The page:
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Battle of Lone PinePrint Page Print this page

10-July-2016
10-July-2016

Photographs supplied by Chris McLaughlin

The Aleppo Pine (Pinus Halepensis) commemorates the Battle of Lone Pine that occured in 1915 during World War One.

The Battle of Lone Pine was fought between Australian and Turkish forces during World War One between 6 and 10 August 1915. Casualties were heavy, 10,000 in total (7,000 Turkish, 3,000 Australian). Of these some 9,000 comprised fatalities. The Lone Pine action remains notorious to the present day. Seven Victoria Crosses were awarded to the Australian force as a consequence of fighting at Lone Pine.

The Lone Pine was a solitary tree on the Gallipoli Peninsula in Turkey, which marked the site of the Battle of Lone Pine in 1915. Pines which are planted as a memorial to the Australian and New Zealand soldiers who fought in Gallipoli are also known as "Lone Pines" or "Gallipoli Pines", referencing the original tree.

The Lone Pine was the name given to a solitary tree on the Gallipoli Peninsula in Turkey, which marked the site of the Battle of Lone Pine in 1915 during World War One and it was the sole survivor of a group of trees that had been cut down by Turkish soldiers who had used the timber and branches to cover their trenches.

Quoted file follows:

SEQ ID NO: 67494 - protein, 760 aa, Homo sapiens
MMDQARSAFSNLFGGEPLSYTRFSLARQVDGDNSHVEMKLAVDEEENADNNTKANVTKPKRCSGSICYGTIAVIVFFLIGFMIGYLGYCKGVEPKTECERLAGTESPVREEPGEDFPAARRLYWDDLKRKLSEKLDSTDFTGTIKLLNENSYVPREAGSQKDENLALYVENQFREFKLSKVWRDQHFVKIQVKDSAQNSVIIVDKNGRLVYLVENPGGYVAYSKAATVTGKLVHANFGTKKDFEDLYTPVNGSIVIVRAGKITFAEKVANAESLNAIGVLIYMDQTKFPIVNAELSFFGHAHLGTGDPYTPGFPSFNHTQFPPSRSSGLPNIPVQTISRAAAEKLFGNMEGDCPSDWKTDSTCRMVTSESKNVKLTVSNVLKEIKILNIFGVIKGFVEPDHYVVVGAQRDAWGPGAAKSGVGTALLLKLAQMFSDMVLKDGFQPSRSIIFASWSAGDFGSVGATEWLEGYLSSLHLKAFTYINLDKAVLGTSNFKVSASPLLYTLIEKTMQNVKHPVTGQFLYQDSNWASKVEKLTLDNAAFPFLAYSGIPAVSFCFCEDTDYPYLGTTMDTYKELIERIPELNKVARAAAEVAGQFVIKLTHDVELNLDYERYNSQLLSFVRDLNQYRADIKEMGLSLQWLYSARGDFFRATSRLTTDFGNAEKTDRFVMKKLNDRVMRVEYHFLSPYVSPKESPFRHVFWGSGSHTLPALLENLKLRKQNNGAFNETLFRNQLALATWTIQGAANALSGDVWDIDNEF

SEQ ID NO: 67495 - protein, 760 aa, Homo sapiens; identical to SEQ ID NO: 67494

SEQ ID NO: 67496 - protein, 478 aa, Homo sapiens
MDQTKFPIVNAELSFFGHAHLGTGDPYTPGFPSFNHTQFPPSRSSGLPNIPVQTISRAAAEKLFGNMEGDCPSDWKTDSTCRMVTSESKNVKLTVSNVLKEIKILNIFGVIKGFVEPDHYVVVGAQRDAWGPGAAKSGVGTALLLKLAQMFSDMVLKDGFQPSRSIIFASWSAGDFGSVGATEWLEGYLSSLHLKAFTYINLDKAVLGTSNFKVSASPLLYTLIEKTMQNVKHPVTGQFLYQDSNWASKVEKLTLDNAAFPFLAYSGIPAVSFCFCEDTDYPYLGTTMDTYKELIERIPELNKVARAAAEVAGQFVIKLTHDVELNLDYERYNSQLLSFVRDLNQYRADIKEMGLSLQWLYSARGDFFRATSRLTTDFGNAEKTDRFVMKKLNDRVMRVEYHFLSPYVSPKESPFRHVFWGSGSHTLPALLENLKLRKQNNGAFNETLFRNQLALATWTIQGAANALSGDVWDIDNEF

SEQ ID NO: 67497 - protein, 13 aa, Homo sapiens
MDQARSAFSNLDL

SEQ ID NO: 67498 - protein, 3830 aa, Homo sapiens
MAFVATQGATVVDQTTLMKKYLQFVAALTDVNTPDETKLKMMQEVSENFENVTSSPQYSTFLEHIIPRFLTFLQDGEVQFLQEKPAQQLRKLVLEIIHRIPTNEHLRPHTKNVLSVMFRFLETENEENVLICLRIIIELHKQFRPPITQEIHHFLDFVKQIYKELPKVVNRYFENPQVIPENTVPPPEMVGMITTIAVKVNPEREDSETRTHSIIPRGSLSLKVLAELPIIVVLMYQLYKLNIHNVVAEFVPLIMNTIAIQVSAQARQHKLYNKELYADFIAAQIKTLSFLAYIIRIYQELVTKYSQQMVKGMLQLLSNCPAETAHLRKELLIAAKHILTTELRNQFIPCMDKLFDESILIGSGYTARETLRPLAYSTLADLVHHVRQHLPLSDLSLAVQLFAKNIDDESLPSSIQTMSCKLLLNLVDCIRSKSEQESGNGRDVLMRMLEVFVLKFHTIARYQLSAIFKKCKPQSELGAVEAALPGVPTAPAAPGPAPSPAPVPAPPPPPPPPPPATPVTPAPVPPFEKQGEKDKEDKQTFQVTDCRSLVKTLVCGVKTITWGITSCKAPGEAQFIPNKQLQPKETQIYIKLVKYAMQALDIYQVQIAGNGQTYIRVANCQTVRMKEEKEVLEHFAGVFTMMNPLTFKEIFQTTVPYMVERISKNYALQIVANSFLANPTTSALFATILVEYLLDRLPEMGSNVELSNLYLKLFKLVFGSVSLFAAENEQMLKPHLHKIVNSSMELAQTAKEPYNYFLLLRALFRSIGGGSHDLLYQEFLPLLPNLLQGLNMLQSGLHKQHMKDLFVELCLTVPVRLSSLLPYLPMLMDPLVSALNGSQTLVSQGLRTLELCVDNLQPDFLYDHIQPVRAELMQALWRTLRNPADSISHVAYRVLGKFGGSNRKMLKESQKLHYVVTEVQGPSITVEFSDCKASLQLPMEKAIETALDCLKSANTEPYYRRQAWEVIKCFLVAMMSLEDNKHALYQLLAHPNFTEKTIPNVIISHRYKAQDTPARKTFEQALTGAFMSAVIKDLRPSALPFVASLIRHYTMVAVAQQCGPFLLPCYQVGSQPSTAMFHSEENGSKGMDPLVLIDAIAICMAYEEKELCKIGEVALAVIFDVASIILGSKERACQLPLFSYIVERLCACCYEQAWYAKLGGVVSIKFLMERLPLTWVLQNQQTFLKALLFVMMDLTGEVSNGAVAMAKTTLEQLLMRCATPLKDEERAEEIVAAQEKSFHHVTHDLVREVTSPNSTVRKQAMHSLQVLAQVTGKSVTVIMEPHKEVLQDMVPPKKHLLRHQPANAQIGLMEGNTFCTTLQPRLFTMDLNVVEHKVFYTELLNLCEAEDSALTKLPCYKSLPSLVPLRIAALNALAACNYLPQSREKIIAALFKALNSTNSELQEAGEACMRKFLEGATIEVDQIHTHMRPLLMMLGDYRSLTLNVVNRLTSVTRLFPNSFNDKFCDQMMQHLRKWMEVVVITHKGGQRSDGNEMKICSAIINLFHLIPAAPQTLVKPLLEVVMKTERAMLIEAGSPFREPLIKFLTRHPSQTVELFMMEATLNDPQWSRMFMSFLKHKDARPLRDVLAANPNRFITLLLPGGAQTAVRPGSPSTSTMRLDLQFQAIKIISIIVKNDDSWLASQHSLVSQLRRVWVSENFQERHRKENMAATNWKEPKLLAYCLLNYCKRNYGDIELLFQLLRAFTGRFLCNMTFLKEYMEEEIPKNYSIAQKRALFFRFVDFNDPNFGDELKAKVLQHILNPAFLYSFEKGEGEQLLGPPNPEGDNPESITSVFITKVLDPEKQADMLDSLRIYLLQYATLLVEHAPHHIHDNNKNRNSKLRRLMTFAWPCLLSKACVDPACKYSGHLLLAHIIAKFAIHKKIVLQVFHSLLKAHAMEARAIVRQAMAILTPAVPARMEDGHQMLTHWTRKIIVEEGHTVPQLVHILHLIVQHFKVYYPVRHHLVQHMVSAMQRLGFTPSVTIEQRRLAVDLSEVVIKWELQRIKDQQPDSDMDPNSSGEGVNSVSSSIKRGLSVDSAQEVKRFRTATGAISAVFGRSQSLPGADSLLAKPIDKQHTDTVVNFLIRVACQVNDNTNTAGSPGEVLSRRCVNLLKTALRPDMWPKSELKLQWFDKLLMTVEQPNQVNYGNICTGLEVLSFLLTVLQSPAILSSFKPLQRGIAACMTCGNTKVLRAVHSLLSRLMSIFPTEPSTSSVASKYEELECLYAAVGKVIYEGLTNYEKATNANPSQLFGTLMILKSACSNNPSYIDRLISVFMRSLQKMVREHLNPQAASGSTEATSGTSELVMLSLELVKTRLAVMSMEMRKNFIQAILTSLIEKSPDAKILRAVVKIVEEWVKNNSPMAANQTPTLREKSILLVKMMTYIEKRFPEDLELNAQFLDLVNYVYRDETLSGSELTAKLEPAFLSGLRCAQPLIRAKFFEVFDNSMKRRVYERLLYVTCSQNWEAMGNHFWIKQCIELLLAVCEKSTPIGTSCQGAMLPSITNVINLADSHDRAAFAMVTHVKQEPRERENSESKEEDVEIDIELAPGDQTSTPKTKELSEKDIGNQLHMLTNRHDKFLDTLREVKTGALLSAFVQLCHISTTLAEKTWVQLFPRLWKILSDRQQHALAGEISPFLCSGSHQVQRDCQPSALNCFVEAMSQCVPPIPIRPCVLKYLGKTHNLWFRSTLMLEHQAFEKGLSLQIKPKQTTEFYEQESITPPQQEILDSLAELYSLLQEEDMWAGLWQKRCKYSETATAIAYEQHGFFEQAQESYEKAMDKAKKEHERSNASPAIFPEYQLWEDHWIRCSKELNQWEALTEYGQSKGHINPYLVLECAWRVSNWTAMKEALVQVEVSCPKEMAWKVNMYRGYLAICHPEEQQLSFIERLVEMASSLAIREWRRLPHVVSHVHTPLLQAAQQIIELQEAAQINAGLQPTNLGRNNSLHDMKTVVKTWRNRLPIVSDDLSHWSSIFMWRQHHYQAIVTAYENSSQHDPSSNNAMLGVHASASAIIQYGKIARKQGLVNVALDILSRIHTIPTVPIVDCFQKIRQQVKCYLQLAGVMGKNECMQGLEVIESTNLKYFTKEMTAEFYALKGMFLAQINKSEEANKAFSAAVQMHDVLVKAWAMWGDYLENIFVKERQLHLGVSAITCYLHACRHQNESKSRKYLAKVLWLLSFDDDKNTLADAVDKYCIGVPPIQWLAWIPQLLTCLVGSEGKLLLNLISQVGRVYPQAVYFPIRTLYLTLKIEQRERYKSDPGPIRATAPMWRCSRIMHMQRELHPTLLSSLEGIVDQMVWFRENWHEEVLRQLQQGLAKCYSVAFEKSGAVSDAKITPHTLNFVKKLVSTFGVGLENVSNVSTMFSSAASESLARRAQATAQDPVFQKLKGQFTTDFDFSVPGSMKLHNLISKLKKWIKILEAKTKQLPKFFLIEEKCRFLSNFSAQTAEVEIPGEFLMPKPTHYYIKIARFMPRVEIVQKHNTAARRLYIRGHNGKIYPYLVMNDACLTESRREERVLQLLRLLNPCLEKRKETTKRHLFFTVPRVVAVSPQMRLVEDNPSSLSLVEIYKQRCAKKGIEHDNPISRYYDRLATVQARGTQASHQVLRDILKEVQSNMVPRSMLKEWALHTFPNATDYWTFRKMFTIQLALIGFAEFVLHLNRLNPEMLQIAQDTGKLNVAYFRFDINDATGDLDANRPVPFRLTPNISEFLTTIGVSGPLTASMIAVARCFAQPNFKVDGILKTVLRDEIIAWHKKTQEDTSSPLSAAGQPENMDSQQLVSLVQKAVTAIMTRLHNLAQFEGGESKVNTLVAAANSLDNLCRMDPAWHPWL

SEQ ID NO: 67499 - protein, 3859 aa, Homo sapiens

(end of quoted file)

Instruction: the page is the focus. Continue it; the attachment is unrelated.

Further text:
The tree was obliterated during the battle; however, pine cones that had remained attached to the cut branches over the trenches were retrieved by two Australian soldiers and brought home to Australia. Private Thomas Keith McDowell, a soldier of the 23rd Battalion brought a pine cone from the battle site back to Australia, and many years later seeds from the cone were planted by his wife's aunt Emma Gray of Grassmere, near Warrnambool, Victoria and five seedlings emerged, with four surviving. These seedlings were planted in four different locations in Victoria: Wattle Park (May 8, 1933), the Shrine of Remembrance in Melbourne (June 11, 1933), the Soldiers Memorial Hall at The Sisters near Terang (June 18, 1933) and Warrnambool Botanic Gardens (January 23, 1934).

The Shrine of Remembrance's lone pine was felled in August 2012 and the timber used as part of a remembrance project, after a disease known as Diplodia pinea or blue stains fungus as it commonly called killed it.

Another soldier, Lance Corporal Benjamin Smith from the 3rd Battalion, also retrieved a cone and sent it back to his mother (Mrs McMullen) in Australia, who had lost another son at the battle. Seeds from the cone were planted by Mrs McMullen in 1928, from which two seedlings were raised. One was presented to her home town of Inverell (New South Wales) and the other was forwarded to Canberra where it was planted by Prince Henry, Duke of Gloucester at the Australian War Memorial in October 1934.

 

Location

Address:Stuart Highway & Caroona Road, Port Augusta West, 5710
State:SA
Area:AUS
GPS Coordinates:Lat: -32.483112
Long: 137.758311
Note: GPS Coordinates are approximate.
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Details

Monument Type:Tree
Monument Theme:Conflict
Sub-Theme:WW1
Actual Event STart Date:04-August-1914
Actual Event End Date:28-June-1919

Dedication

Actual Monument Dedication Date:Saturday 10th April, 1999
Front Inscription

Plaque :

The Lone Pine Commemoration

Plaque :

Seedling grown from the Lone Pine at Gallipoli

Planted by students of Port Augusta West Primary School

April 10th, 1998

Source: MA
Monument details supplied by Monument Australia - www.monumentaustralia.org.au
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